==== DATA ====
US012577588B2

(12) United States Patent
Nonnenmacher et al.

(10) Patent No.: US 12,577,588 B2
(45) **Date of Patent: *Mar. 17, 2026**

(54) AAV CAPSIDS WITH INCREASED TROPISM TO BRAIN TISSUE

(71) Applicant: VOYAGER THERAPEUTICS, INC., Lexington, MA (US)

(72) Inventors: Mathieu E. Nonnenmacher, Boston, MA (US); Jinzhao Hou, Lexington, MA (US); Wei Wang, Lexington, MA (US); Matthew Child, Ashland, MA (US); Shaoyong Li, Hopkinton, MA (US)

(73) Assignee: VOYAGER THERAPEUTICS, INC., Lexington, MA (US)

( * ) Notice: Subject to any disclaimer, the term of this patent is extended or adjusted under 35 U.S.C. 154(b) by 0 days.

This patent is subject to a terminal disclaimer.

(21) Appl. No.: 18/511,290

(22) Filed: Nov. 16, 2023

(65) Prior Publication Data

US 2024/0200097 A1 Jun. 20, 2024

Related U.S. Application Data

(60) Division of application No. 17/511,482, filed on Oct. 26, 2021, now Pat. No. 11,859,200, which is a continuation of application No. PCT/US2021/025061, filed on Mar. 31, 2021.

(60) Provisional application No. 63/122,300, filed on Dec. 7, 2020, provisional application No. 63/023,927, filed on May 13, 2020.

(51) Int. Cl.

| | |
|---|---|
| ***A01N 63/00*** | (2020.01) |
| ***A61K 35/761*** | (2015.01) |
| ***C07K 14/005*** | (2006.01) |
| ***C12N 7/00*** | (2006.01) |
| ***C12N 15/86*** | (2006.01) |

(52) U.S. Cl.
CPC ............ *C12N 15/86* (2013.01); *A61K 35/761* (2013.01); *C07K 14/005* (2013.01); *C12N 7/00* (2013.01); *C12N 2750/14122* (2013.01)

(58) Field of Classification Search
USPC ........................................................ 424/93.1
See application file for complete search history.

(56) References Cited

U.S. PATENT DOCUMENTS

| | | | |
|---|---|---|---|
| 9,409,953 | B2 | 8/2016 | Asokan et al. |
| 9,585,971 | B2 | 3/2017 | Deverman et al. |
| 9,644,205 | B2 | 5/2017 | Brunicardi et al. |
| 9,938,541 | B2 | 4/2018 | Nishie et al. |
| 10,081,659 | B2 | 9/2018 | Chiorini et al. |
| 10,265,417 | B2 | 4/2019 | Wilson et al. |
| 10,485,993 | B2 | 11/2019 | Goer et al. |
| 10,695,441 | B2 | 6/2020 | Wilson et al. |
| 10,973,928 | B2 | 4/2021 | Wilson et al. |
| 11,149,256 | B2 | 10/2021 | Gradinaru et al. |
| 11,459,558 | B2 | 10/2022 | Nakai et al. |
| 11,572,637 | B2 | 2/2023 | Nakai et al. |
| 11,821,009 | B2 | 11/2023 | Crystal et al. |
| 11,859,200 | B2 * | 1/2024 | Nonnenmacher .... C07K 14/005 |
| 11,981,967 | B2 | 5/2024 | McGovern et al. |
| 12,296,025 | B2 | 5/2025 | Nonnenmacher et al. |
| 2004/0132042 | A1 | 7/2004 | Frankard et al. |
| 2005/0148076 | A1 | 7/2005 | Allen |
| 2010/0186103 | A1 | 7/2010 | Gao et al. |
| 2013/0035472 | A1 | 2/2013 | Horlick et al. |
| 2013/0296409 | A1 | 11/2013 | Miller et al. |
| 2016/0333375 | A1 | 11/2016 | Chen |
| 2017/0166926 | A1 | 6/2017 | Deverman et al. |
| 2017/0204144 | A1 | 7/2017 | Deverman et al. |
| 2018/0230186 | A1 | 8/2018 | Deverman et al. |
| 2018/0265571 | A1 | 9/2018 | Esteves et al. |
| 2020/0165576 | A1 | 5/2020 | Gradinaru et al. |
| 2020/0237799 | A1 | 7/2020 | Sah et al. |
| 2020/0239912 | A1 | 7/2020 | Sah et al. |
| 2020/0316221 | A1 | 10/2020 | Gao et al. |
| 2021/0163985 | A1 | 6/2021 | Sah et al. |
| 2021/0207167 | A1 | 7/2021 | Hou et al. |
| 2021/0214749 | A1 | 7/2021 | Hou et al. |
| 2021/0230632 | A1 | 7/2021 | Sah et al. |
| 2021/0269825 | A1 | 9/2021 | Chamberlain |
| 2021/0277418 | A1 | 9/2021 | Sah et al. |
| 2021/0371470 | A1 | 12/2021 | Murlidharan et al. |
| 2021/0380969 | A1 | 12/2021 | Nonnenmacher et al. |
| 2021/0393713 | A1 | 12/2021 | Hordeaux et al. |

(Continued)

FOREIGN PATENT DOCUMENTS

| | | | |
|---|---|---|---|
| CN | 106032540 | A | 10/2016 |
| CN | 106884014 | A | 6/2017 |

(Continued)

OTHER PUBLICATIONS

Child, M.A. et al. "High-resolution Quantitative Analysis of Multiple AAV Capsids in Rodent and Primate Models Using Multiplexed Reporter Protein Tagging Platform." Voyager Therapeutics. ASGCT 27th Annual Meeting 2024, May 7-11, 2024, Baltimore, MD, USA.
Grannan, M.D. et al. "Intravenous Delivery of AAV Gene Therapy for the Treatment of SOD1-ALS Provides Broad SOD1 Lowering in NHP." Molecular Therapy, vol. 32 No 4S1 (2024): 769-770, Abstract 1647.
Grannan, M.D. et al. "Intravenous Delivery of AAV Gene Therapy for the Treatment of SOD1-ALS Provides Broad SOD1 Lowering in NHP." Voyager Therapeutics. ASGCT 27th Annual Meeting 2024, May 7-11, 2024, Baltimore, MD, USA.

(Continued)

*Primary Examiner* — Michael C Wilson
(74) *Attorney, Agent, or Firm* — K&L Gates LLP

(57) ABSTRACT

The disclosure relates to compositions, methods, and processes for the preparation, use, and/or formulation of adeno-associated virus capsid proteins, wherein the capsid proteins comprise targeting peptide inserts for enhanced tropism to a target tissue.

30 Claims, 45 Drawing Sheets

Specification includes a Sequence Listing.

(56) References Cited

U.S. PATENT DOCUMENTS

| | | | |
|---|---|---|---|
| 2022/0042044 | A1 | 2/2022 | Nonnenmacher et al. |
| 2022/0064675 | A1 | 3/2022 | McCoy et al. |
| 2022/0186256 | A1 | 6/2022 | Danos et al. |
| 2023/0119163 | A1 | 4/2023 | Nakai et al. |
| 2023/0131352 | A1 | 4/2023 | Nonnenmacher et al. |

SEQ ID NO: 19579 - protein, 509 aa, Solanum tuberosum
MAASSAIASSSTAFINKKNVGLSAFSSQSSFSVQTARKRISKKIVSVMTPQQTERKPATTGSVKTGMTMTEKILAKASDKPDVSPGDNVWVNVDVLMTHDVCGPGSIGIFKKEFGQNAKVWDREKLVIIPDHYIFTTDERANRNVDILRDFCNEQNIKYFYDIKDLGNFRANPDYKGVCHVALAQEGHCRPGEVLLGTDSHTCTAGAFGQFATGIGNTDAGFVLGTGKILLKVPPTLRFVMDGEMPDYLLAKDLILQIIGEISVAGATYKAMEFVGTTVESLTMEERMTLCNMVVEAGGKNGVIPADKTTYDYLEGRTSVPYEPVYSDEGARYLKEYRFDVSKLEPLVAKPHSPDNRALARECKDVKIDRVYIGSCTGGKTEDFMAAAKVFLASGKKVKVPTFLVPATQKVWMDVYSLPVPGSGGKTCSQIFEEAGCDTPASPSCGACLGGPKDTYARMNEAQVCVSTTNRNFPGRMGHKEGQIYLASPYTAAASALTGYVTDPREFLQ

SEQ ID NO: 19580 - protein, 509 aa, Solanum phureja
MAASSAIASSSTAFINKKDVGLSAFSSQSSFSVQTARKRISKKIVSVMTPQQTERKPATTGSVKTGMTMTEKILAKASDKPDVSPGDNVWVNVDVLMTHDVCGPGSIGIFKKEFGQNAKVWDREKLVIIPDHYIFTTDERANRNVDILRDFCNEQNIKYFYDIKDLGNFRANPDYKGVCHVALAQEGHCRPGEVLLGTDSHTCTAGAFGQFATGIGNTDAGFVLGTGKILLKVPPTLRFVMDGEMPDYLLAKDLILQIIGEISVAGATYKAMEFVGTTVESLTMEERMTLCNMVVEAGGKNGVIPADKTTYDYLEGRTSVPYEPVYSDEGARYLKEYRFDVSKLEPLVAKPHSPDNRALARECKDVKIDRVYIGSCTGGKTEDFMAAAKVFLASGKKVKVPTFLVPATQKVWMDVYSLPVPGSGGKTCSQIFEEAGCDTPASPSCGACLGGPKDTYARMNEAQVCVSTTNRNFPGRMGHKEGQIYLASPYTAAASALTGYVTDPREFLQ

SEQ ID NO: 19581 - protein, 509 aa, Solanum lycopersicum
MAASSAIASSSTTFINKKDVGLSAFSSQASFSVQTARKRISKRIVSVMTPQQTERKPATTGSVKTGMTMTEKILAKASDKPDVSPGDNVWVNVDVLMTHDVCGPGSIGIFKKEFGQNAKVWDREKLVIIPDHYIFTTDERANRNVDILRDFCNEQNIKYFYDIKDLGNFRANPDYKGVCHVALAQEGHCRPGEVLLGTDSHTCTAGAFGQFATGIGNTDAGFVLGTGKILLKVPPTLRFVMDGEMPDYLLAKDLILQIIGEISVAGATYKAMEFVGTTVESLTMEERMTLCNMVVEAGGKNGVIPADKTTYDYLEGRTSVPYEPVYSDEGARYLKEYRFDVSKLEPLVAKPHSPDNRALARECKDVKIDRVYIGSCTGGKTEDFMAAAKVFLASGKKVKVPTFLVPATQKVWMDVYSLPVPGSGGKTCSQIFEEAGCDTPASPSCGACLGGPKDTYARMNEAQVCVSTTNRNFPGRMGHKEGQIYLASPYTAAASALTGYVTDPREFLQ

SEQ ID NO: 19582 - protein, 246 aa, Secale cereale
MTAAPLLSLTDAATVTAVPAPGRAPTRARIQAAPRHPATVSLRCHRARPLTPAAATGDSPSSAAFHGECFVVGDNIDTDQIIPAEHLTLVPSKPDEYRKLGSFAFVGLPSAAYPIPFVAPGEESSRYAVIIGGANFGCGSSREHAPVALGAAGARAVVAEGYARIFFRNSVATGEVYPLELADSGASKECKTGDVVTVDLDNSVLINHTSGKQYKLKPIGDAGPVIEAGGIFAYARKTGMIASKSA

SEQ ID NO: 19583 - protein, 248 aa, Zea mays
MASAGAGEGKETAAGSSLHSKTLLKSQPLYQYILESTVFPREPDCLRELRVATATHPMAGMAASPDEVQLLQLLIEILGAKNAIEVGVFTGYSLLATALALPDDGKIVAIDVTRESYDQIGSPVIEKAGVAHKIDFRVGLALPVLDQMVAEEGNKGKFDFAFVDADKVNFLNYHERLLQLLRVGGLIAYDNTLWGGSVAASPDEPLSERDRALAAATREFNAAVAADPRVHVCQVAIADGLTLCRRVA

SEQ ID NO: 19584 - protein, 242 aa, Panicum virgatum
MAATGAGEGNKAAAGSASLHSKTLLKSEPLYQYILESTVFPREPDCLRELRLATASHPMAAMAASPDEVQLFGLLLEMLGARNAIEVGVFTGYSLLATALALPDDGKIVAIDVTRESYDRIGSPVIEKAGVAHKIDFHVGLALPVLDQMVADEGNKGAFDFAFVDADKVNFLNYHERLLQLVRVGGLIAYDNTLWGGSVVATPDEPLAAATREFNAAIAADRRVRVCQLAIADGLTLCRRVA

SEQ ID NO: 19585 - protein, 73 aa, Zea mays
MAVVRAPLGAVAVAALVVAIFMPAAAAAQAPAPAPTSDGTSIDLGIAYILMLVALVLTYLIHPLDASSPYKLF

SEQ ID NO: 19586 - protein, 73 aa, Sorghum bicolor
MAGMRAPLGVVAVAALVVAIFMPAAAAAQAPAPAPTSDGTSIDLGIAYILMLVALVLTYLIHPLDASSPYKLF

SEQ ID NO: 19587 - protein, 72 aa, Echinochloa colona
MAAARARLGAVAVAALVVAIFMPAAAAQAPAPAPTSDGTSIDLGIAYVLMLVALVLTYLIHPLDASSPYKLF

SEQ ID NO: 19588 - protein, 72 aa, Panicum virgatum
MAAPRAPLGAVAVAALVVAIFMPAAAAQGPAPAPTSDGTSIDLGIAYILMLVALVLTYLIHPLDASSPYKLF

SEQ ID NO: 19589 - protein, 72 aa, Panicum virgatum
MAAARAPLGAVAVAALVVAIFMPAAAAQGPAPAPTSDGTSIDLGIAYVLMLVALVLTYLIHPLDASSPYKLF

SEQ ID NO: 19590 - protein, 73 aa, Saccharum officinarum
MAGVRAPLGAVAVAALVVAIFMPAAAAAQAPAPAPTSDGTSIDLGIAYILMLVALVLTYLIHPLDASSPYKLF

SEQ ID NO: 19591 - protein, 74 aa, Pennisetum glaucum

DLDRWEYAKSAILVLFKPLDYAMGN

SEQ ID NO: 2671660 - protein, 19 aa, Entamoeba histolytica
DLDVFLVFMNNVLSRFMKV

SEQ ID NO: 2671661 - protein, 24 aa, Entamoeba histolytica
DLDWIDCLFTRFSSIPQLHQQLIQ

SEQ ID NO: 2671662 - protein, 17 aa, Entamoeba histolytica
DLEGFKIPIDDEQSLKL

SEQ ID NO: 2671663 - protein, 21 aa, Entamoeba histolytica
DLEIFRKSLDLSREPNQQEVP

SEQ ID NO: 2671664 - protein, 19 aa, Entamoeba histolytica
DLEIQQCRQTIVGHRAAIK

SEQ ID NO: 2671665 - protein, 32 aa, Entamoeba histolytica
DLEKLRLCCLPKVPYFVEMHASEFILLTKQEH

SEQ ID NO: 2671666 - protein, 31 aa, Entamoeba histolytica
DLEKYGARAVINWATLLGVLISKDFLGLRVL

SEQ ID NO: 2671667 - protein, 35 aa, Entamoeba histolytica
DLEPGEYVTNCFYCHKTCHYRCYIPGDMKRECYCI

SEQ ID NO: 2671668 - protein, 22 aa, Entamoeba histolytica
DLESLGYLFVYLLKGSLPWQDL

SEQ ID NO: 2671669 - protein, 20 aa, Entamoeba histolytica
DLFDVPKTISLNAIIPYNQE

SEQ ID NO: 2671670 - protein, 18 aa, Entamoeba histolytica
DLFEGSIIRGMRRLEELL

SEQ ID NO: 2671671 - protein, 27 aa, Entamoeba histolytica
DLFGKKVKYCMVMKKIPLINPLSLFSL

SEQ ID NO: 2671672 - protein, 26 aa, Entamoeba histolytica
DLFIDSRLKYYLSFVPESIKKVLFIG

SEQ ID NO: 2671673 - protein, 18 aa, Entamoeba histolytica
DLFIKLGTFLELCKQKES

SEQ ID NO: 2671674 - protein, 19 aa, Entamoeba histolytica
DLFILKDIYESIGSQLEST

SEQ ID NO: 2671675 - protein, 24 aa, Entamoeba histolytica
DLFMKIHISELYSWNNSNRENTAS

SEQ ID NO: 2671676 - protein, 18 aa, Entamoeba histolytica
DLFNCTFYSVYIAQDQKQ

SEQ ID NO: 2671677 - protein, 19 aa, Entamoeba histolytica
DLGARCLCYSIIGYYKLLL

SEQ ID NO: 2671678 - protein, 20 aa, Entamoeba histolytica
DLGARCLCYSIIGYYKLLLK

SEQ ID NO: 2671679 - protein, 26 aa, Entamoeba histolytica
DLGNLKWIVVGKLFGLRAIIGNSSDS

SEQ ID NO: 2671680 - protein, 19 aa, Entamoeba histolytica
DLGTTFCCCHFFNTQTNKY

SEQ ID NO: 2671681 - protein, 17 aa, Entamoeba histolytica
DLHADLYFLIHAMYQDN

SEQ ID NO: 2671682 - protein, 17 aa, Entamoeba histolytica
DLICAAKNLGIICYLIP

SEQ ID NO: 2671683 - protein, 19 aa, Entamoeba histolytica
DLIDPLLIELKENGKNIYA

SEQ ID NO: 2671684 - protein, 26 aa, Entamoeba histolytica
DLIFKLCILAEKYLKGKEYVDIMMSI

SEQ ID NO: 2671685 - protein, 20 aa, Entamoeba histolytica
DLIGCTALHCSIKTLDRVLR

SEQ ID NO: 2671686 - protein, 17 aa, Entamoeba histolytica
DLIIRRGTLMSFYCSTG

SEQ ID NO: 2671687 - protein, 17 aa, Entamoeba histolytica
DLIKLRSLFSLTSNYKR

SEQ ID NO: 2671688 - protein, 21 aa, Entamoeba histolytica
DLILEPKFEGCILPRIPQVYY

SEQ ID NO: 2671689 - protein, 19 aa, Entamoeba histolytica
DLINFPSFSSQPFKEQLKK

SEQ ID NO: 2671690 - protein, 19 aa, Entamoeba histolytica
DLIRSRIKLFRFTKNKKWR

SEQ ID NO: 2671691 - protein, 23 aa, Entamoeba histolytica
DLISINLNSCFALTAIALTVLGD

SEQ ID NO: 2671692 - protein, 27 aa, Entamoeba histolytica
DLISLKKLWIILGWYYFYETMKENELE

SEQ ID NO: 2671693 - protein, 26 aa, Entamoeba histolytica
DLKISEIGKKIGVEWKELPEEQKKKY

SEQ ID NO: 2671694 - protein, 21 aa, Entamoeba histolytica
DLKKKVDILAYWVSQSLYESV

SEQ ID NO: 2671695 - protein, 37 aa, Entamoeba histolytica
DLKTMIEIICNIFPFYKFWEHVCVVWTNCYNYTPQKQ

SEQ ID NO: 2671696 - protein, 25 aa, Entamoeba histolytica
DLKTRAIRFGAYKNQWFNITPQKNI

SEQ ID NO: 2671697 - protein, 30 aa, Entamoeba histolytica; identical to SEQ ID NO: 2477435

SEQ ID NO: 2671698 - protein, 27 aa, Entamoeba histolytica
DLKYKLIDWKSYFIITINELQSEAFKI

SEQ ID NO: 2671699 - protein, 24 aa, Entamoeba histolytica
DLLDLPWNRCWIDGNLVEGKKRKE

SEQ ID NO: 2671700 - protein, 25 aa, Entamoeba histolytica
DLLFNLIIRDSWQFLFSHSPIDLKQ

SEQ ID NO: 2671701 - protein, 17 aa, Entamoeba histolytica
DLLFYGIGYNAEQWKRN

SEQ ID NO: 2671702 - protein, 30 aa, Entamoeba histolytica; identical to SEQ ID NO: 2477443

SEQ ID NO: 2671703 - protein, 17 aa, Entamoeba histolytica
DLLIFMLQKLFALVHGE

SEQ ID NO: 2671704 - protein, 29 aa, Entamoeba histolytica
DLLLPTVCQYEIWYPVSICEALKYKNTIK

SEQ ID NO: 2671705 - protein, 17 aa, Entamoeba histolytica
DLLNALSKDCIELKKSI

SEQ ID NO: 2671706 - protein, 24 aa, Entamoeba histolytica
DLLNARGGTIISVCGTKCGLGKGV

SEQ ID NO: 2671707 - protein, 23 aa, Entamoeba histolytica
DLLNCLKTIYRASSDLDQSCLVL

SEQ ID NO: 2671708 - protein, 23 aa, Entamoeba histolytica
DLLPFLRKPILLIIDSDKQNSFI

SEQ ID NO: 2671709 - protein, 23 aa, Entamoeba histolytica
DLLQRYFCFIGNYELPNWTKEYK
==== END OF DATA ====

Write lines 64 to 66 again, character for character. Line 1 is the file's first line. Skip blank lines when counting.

| 2020/0239912 | A1 | 7/2020 | Sah et al. |
| 2020/0316221 | A1 | 10/2020 | Gao et al. |
| 2021/0163985 | A1 | 6/2021 | Sah et al. |